There are six cave temples on the small island not far from Mumbai. They were carved out of the rock by monks in the 6th century and were once an important Shiva shrine. The sculptures are among the outstanding examples of early Hindu art. The highlight of the complex is the monumental bust of the three-headed Shiva.
Elephanta Caves: Facts
|Official title:||Elephanta Caves|
|Cultural monument:||“Residence” of Shiva carved out of the basalt rock, among others. the 48 m² main temple, the sanctum flanked by two gatekeepers and the three-headed Shiva as creator, preserver and destroyer of the world, as well as reliefs depicting the wedding of Shiva with Parvati, the descent of Ganga from heaven to earth and Saptamatrikas, the seven mothers, show; In addition to the main temple, there are two other, heavily destroyed cave cult sites|
|Location:||Gharapuri (Elephanta), island northeast of Mumbai (Bombay)|
|Meaning:||The special expressiveness of the Shiva cult is reflected in impressive high reliefs|
Elephanta Caves: History
|6-7 Century||Planting the rock shrines and cave temples|
|1534||Portuguese acquire the Bombay trading post|
|1864||under the English colonial rulers, the colossal figure of the elephant was transported to the mainland|
A palace for the lord of the world
From the “Gateway of India”, where the British majesties once went ashore, the boats start their short crossing to Gharapuri Island in the Bay of Thane. Although there are only a few kilometers between the lively metropolis of Mumbai, better known in this country as Bombay, and the peaceful island, worlds seem to open up between these places.
Today’s visitor reaches the main temple, the Mahesha Temple, carved into the rock at a height of 60 meters, via a steep stepped path. Through the entrance in the north you enter the famous Shiva sanctuary, whose radiance immediately captivates everyone: light falls from three sides into the large hall, which is divided by massive, grooved columns, grazes the larger-than-life doorkeepers and their little companions and just reaches the large Mahashiva on the back wall.
This three-faced half-length portrait of the great Shiva as the highest being and lord of the world is one of the most impressive creations of Indian sculpture. According to extrareference, it varies the view of the sacred books of India, which ascribe the creation, maintenance and destruction of the universe to an all-encompassing deity. The middle apparition of the highest god with a richly decorated tiara above the hair braid crown shows classic proportions and exudes majestic calm. Shiva, on the other hand, looking to the left lies in the shadow, and the tough features of the “destroyer of the world” are crowned by a skull and a cobra. Looking to the right is the third face of God, expressing youthful beauty and joy and representing femininity and creation.
Masterfully crafted relief images, which not only flank the three entrances to the temple, show scenes from the Shivaite circle of myths: As Ardhanarishvara, Shiva reveals his male-female nature. The figure, over five meters high, leaning casually against Nandi, Shiva’s mount, is a slender young man on the right and a woman on the left with a strong, round chest and bulging hips. The dreamy face under the parted crown of hair impressively underlines the androgynous character of the sitter, who is worshiped by Hindu gods. Brahma sits on a lotus carried by wild geese and Indra, the king of the gods, on his sky elephant. Vishnu comes along on Garuda, the bird of the gods, and Varuna, the god of water, on a sea monster. Heavenly musicians, playmates and servants join them. Other reliefs, some of which are badly damaged, show the wedding of Shiva with Parvati and also Shiva as Lord of the Yogis, as a cosmic dancer or in battle with a demon. The fact that the damage was caused by target practice by the Portuguese, who had settled on India’s coasts in the 16th century, remains an unprovable claim.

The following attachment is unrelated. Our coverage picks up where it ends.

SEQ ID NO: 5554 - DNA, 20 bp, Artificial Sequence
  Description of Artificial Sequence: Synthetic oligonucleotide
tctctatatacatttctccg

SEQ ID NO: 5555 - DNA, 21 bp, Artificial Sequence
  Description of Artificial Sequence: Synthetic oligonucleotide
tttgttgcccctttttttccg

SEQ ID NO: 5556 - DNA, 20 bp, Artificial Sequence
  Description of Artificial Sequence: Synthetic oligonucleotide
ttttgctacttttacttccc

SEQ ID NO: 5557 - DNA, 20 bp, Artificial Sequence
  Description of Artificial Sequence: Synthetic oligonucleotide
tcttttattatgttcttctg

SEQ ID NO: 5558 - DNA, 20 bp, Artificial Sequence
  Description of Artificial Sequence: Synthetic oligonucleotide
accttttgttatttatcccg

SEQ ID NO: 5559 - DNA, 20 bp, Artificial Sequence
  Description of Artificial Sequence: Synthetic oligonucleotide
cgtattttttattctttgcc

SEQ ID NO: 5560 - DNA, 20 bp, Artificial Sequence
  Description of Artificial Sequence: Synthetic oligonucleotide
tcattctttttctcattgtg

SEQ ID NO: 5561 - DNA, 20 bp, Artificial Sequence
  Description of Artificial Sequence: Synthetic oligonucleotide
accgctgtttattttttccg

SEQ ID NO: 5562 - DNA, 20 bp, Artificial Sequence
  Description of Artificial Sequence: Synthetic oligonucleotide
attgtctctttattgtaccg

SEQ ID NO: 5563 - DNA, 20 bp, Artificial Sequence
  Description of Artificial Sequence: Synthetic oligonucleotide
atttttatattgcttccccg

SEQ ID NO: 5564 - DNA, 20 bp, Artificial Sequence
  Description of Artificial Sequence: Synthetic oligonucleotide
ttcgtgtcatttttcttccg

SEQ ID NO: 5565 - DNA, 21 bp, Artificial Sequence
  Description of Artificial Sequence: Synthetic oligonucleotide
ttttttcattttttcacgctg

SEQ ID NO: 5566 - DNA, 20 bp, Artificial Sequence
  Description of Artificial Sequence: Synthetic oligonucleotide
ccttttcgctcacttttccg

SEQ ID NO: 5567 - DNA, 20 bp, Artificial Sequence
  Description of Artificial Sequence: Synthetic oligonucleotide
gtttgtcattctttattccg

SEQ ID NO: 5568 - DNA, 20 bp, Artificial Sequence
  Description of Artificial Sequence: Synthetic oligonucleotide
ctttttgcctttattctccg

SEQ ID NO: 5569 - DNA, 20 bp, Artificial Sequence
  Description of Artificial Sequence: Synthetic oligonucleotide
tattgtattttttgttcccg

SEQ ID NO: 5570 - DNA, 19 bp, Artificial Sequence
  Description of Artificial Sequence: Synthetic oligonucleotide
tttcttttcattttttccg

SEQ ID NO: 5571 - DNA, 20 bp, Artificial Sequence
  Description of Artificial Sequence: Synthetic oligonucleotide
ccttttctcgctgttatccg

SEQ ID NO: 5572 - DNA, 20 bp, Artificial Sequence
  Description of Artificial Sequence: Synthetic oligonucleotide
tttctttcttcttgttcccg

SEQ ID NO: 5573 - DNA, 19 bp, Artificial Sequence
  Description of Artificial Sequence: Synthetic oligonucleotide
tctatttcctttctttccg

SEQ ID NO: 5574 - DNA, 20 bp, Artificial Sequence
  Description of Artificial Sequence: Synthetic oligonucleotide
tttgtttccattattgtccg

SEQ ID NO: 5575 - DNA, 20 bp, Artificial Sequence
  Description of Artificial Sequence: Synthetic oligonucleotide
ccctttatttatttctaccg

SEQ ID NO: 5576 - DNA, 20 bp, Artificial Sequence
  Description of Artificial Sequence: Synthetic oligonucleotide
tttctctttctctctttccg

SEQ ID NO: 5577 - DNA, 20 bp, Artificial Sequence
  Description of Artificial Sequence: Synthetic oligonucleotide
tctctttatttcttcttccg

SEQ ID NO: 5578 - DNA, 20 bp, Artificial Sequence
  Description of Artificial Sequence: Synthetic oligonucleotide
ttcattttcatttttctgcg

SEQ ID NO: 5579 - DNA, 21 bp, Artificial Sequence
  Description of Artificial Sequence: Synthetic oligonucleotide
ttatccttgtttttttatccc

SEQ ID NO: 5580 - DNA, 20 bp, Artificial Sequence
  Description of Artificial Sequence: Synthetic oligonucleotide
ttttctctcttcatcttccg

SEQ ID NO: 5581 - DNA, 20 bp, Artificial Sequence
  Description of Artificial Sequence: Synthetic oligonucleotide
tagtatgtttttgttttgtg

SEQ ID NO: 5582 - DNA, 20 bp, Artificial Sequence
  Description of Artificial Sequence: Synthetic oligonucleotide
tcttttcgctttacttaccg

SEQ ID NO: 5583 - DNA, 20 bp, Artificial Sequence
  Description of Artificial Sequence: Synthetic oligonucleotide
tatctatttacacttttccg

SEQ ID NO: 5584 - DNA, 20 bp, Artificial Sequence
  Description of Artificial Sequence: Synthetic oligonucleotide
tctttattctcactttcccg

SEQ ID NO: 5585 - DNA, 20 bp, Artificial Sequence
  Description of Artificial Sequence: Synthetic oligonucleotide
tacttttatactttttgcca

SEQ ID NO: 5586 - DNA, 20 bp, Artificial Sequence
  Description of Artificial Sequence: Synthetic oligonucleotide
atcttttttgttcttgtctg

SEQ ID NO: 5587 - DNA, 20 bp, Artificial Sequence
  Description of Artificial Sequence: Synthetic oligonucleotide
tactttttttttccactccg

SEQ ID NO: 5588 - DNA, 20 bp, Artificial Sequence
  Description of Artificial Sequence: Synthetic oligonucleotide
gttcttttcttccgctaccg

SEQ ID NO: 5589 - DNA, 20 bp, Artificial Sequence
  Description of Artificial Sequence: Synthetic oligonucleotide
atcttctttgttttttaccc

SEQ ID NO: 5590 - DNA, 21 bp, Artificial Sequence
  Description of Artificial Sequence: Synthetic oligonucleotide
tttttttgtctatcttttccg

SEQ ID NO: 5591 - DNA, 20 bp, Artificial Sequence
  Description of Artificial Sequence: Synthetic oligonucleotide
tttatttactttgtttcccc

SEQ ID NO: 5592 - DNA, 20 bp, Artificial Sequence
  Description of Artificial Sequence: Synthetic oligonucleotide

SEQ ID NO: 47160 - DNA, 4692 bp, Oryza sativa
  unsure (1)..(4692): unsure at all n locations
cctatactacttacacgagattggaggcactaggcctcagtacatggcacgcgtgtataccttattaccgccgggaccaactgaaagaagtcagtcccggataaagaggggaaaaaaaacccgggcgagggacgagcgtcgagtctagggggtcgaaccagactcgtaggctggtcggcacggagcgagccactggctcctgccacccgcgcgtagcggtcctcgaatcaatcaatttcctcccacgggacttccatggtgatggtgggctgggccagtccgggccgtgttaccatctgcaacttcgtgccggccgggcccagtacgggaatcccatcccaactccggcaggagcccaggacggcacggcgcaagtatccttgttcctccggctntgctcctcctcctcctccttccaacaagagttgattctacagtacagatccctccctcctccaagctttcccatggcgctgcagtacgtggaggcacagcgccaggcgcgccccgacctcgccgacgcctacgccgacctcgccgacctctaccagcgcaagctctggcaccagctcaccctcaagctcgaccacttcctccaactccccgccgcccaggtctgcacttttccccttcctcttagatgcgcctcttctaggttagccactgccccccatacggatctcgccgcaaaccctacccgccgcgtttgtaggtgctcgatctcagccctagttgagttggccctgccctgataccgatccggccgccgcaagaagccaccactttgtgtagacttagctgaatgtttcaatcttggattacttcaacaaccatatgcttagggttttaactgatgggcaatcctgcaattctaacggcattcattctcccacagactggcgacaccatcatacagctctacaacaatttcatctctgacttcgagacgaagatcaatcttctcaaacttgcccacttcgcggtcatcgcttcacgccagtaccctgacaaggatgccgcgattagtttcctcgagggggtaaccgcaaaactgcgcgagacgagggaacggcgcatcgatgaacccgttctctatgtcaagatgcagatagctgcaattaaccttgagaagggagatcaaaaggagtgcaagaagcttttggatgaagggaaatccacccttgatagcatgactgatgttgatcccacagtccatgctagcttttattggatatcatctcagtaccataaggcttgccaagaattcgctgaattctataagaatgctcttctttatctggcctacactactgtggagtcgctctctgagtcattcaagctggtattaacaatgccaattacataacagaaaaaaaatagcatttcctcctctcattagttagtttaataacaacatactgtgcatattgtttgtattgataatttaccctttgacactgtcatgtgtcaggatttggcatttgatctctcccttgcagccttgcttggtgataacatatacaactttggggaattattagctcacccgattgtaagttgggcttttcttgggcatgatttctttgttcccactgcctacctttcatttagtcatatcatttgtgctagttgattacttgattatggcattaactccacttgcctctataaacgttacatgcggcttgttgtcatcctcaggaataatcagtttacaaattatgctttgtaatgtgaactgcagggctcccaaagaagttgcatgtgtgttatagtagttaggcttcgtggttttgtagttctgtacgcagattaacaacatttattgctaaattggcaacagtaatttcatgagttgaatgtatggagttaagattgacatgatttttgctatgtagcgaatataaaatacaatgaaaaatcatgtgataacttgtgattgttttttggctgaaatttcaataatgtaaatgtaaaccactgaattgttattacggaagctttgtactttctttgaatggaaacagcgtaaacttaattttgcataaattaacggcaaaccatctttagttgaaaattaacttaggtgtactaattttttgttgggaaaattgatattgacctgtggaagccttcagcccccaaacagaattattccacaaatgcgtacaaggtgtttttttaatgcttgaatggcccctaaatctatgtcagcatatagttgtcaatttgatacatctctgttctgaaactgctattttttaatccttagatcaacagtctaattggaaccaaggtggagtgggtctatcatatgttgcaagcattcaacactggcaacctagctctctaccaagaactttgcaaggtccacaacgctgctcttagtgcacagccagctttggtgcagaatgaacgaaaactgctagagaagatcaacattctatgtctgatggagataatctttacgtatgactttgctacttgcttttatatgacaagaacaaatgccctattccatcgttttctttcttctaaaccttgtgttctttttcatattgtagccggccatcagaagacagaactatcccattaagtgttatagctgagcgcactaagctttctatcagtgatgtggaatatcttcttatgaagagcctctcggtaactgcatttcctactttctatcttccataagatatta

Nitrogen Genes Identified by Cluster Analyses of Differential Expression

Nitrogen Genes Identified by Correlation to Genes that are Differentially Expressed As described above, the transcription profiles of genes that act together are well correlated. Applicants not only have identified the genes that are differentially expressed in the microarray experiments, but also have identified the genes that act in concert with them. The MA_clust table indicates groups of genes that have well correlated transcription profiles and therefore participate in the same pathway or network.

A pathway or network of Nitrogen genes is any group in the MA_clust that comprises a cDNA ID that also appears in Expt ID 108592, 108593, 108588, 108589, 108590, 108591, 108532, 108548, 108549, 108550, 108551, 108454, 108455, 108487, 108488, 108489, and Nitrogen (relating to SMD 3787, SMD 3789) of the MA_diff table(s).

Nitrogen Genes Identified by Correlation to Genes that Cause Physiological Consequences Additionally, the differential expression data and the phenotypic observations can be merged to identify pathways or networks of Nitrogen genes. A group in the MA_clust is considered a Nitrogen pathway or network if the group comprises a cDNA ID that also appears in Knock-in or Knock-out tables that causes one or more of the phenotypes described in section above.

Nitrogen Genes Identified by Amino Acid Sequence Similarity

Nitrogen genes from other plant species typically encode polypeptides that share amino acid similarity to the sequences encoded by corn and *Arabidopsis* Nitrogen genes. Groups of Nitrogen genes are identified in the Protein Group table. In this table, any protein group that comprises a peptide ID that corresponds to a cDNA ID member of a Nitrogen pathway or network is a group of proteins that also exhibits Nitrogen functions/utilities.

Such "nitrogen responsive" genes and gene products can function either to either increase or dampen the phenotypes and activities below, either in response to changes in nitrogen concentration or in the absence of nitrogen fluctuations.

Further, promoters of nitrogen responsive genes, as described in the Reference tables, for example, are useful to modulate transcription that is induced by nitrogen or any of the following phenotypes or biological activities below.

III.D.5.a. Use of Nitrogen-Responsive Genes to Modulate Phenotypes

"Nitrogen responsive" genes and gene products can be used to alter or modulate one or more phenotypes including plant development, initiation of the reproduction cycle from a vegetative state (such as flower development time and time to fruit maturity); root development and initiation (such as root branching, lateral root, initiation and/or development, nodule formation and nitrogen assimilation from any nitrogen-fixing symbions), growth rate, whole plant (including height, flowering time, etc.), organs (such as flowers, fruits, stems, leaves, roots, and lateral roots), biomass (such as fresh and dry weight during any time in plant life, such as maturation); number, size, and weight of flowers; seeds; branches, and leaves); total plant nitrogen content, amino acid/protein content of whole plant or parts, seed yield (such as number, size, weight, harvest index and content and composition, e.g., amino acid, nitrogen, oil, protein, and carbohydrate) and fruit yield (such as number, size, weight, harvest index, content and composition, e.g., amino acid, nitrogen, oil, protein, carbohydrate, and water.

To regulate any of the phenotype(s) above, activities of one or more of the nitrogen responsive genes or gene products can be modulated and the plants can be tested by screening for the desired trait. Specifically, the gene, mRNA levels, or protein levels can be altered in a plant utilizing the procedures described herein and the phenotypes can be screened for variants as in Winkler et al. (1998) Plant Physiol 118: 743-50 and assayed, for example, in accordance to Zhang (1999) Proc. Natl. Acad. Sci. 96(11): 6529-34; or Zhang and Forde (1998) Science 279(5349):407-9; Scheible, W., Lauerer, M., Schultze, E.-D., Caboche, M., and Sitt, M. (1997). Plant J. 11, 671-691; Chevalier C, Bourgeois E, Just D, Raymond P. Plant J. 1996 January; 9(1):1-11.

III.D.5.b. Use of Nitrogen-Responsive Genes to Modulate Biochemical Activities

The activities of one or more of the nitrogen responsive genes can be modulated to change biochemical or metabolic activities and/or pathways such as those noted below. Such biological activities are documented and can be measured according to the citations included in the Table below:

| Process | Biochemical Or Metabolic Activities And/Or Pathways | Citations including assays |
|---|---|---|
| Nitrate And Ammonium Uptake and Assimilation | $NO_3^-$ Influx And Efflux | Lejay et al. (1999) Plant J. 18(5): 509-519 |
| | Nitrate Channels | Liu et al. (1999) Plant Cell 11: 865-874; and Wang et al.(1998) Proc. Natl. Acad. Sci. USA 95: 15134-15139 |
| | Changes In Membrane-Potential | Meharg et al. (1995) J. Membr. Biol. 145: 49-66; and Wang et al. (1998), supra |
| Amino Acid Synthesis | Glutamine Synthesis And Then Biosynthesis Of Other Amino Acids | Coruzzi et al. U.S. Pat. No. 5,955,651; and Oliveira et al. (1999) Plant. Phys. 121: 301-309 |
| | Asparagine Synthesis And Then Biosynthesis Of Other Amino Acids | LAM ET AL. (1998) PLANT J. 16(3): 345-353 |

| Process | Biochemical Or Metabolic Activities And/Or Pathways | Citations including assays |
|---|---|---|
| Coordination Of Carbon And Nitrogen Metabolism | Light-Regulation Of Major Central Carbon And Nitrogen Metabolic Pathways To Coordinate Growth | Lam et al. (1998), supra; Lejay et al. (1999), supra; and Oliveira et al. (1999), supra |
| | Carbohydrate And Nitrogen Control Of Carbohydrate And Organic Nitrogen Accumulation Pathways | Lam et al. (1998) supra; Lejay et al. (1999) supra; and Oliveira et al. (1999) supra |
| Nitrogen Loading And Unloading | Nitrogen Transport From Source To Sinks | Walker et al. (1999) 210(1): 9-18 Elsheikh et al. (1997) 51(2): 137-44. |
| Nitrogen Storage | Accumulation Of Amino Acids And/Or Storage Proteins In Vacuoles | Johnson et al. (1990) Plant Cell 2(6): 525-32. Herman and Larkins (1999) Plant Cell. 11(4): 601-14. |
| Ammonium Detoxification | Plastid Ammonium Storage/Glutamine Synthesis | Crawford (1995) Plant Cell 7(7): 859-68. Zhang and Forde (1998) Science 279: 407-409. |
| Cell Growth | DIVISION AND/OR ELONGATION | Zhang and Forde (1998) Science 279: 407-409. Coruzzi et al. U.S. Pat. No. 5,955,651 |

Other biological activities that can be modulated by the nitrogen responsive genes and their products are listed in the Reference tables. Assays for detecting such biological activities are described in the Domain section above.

In a square »pavilion«, which is accessible from all four sides, Shiva is venerated to this day in the form of the linga, the »phallus stone«. The sanctum and the pillars of the “Great Hall” as well as the replica of a wooden ceiling construction in stone give an idea of what free-standing temples and palaces from the sixth to seventh centuries AD – built from perishable materials – might have looked like.
But who commissioned them, who created them, when were they created? Information about this could perhaps have been given by an inscription, of which Diogo do Couto reported in 1603 that it had been removed from the entrance and sent to the king in Portugal.
Time has passed over the multi-faceted stone Shiva and has left its mark: the stone elephant, from which the island owes its name, has stood as a guardian figure in the Victoria Garden in Mumbai for decades. And the island itself is today – especially on weekends and public holidays – the popular destination of numerous townspeople who enjoy picnics. While the elders in the temple respectfully pay their respects to the mighty Shiva, children play badminton in the cool courtyard – India’s gods are very tolerant!